Russian hacker targeted Tesla Gigafactory by bribing employee


A Russian national tried to bribe a Tesla employee into planting malware into the IT network of the company’s electric vehicle subassembly factory near Reno, Nevada, but the employee contacted the FBI instead to help nab the hacker.

This Tuesday, the U.S. Department of Justice said a Russian national had been made to appear in a federal court for conspiring “to recruit an employee of a company to introduce malicious software into the company’s computer network, extract data from the network, and extort ransom money from the company.”

After entering the United States using his Russian passport and a tourist visa, 27-year-old Egor Igorevich Kriuchkov conspired with his associates to recruit an employee of a Nevada-based company by planning to offer a bribe of $1 million. In return, the employee was to be asked to plant malware into his company’s IT network which could then enable the Russians to gain access to the company’s internal files, exfiltrate data, and blackmail the company into paying a ransom.

The conspiracy began on 22nd July and Kriuchkov conducted numerous meetings with the said employee, promised to pay the employee $1 million, and even gave him a burner phone, instructing him to leave the burner phone in airplane mode until after the money was transferred. However, Kriuchkov was arrested on 22nd August after making a desperate attempt to fly out of the country.

According to Teslarati, the employee was a Russian-speaking, non-US citizen, enjoyed direct access to the company’s computer networks, and was initially contacted by Kriuchkov via WhatsApp following which the hacker along with his associates tried to build rapport with him by taking him to Lake Tahoe on a hiking trip.

After Kriuchkov shared his plans with him over a discreet meeting, the employee contacted the FBI and continued to communicate with Kriuchkov to extract as much information from him as possible. Kriuchkov reportedly boasted about extracting a ransom of over $4 million from CWT Travel and on 19th August, agreed to pay the employee an advance of $11,000 as part of the $1 million deal.

On 21st August, the FBI sprung into action after Kriuchkov told the Tesla employee that the plan was being delayed and that the agreed payments would be made on a later date. After the FBI contacted Kriuchkov, he drove overnight from Reno, Nevada to Los Angeles in an attempt to flee the U.S. but was arrested the following day.

Earlier today, Tesla CEO Elon Musk confirmed via a tweet that the Russian hacker was, in fact, attempting to target Tesla by offering a bribe to one of the company’s employees. The targeted infrastructure was Giga Nevada, Tesla’s giant lithium-ion battery and electric vehicle subassembly factory near Reno, Nevada.

Also known as Gigafactory 1, the factory is the manufacturing hub for lithium-ion batteries that power Tesla’s electric vehicles. The company’s target is to manufacture as many as 500,000 batteries in 2020 alone and as per reports, the factory employs over 7,000 people and also manufactures solar tiles, battery chargers, and battery packs for stationary storage systems.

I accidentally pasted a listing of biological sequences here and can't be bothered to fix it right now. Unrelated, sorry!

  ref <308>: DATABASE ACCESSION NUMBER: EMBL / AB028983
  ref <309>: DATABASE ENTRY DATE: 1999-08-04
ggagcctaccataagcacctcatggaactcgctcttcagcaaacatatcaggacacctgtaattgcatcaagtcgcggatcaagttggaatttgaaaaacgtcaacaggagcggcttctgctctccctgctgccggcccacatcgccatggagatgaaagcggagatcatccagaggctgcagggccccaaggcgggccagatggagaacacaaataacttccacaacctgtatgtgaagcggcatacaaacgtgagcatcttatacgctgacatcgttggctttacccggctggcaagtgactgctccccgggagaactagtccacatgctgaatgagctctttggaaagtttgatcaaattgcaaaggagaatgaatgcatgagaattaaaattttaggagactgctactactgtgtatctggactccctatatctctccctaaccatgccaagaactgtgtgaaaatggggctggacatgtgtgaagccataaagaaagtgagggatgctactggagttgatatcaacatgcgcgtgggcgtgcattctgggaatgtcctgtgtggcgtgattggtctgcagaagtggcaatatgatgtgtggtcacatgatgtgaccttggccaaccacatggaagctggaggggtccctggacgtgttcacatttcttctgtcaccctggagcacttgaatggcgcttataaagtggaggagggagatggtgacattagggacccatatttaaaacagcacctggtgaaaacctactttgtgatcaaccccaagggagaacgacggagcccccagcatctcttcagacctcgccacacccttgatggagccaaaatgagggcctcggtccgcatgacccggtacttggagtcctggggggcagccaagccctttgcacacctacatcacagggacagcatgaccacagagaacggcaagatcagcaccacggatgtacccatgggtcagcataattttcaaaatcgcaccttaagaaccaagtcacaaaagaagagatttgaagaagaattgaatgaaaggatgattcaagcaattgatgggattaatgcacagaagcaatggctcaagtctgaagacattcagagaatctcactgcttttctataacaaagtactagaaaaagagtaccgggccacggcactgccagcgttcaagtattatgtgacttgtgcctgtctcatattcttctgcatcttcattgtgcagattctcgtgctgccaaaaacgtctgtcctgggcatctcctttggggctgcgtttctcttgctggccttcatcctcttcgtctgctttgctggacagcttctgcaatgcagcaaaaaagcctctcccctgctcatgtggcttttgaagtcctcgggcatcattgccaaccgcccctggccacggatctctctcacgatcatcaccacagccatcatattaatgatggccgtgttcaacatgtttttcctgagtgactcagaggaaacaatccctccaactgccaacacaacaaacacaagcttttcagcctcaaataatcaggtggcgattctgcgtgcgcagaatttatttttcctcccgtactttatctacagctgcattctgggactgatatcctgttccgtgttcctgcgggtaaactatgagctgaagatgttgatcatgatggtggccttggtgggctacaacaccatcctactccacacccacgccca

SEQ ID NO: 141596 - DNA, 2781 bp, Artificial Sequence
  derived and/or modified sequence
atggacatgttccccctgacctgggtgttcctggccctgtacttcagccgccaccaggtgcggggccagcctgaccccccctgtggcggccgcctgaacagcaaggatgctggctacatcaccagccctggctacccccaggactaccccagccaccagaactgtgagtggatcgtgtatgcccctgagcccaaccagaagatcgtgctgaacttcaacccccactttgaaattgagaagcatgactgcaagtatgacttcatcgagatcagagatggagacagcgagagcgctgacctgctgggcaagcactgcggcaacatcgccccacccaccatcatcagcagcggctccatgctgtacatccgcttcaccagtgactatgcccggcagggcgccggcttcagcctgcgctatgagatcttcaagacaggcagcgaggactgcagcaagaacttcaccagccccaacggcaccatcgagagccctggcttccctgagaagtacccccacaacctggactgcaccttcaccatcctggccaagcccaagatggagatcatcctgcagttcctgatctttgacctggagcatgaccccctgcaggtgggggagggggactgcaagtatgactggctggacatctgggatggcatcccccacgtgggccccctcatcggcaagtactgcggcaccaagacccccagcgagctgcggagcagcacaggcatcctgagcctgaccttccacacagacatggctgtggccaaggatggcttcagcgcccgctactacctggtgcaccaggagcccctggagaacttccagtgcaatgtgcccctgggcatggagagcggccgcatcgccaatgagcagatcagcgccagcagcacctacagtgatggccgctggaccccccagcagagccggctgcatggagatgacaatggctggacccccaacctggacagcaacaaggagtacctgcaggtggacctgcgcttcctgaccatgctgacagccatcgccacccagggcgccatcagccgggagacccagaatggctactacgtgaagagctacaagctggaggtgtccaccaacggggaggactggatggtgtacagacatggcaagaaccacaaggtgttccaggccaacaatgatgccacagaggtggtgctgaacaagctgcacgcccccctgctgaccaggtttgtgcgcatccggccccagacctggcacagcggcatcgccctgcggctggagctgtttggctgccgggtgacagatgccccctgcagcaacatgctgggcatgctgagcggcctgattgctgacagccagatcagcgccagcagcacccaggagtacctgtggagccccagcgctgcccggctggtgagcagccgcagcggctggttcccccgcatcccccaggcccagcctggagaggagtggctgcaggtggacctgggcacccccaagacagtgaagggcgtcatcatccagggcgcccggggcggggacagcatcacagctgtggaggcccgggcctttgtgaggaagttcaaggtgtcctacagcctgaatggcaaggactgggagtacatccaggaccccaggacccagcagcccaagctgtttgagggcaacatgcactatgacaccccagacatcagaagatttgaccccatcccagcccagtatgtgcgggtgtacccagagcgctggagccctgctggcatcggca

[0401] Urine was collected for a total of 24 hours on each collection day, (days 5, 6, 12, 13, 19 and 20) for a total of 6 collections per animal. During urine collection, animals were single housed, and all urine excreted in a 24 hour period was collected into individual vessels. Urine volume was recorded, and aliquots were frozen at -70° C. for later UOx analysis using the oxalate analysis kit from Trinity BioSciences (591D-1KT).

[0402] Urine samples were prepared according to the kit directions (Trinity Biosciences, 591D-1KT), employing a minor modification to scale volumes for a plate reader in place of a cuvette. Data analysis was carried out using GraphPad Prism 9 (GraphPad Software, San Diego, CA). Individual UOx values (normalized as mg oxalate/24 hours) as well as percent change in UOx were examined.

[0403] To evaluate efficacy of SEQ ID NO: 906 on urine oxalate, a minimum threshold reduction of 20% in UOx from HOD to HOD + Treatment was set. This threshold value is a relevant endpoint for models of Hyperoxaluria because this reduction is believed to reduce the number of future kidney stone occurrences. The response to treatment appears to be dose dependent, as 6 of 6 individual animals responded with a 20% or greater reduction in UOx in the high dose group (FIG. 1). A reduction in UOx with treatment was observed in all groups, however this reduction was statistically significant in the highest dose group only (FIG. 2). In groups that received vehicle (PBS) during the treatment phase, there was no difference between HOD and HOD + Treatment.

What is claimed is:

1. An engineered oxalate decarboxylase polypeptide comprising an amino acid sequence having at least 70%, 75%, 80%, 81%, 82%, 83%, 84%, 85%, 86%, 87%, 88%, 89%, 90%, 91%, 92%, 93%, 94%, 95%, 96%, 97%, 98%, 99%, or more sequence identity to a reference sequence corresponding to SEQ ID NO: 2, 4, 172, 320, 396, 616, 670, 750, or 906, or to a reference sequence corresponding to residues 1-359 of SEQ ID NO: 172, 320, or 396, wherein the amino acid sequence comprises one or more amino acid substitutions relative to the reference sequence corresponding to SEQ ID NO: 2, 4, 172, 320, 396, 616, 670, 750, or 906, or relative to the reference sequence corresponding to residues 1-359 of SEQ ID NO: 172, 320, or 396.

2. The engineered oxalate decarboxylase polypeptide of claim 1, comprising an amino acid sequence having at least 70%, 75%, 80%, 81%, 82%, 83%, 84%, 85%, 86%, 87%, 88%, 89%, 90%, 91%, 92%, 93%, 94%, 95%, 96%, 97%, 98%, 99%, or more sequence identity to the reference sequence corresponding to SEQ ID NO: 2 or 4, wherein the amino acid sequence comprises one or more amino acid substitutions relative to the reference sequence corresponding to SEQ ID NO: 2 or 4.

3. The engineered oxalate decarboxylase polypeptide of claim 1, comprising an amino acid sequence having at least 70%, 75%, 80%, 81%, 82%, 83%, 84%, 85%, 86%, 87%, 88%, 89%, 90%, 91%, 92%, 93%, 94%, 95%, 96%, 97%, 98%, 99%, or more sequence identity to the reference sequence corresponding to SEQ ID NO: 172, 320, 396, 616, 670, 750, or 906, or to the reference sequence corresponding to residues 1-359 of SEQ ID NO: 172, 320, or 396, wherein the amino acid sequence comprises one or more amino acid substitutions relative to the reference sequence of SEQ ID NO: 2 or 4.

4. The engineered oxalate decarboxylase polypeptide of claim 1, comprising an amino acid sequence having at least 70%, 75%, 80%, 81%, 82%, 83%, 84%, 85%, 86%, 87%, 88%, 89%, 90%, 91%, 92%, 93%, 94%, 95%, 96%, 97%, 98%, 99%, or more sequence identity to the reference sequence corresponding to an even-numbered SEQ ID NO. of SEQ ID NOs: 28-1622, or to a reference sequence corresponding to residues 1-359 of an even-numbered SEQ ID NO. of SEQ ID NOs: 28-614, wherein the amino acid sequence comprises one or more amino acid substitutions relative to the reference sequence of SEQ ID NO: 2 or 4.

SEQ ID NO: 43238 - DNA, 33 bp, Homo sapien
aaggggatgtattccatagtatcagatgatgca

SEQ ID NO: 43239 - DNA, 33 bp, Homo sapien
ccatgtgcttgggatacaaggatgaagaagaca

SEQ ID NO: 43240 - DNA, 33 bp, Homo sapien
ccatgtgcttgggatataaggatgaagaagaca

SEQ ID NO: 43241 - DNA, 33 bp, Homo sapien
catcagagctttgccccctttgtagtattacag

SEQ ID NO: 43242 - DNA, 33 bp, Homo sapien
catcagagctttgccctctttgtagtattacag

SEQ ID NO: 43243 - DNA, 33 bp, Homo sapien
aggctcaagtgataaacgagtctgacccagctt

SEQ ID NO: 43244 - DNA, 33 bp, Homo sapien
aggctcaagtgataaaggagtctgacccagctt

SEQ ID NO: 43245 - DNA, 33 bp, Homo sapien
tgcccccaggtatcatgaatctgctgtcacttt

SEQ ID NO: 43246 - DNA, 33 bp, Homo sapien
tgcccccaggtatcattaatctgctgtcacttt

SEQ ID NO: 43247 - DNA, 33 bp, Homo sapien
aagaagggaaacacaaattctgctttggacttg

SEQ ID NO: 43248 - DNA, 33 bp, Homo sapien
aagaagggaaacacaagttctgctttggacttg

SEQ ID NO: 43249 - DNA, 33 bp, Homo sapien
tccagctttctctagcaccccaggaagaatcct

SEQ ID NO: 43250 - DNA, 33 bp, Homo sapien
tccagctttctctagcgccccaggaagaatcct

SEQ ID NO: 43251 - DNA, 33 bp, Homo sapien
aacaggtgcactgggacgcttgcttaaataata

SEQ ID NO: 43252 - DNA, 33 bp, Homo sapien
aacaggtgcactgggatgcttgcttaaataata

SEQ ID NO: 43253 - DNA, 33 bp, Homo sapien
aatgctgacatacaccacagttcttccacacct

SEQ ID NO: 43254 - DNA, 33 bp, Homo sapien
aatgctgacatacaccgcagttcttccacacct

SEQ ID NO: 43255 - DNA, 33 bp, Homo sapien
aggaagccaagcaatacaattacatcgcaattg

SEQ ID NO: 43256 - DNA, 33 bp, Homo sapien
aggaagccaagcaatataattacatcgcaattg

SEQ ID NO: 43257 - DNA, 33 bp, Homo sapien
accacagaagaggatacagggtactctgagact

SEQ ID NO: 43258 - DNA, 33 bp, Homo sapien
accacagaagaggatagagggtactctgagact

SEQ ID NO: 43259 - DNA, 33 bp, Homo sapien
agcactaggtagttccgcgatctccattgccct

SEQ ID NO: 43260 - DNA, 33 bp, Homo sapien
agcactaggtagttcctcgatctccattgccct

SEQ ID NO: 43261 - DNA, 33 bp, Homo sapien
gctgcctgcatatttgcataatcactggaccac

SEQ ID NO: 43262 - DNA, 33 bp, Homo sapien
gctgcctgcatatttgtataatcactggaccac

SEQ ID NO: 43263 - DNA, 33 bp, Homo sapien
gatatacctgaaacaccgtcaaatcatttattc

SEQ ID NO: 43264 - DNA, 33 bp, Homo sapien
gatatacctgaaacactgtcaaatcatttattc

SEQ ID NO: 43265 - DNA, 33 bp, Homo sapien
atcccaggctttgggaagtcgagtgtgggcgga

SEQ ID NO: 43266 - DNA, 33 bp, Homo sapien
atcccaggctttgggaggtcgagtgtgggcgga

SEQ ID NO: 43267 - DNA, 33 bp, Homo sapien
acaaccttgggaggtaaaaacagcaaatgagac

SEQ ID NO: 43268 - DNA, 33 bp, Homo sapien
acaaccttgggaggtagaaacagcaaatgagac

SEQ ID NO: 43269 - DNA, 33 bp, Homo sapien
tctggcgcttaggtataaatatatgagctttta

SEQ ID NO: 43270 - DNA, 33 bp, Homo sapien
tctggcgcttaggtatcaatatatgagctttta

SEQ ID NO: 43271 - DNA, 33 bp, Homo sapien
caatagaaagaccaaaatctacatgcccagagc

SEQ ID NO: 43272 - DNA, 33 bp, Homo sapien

Egor Kriuchkov will face trial in the U.S. District Court of Nevada on charges under Section 371 of the U.S. Code that covers “Conspiracy to IntentionallyCause Damage to a Protected Computer”.

Commenting on the attempted ransomware attack on Tesla, Matt Walmsley, EMEA Director at Vectra, said that ransomware attackers seek internal access to privileged entities associated with accounts, hosts and services given the unrestricted access they can provide and the ease of replication and propagation.

“In this case the recruitment or coercion of a Tesla insider to aid the attempted deployment of malware tools to stage their attack shows the lengths ransomware groups will go to. Ransomware operators have evolved into using “name and shame” tactics whereby victim’s data is exfiltrated prior to encryption and used to leverage ransomware payments.

“These bullying tactics are making attacks even more expensive, and they are not going to stop any time soon, particularly within the current climate. These attackers will attempt to exploit, coerce, and capitalise on organisations’ valuable digital assets.

“Attackers will manoeuvre themselves through a network and make that step from a regular user account, to a privileged account, which can allow them to deploy their tools and identify the data they need in order to finalise their ransomware attack and bribe their victims.

“Kudos to Tesla and the FBI in identifying and thwarting the reported attack but in most cases, organisations can’t rely on external prior notification or assistance. Therefore, security teams need to be agile as time is their most precious resource in dealing with ransomware attacks and malicious insider behaviours. Early detection and response are key to gaining back control and stopping the attackers in their tracks before they can propagate across the organisation, stealing and denying access to data and services,” he added.

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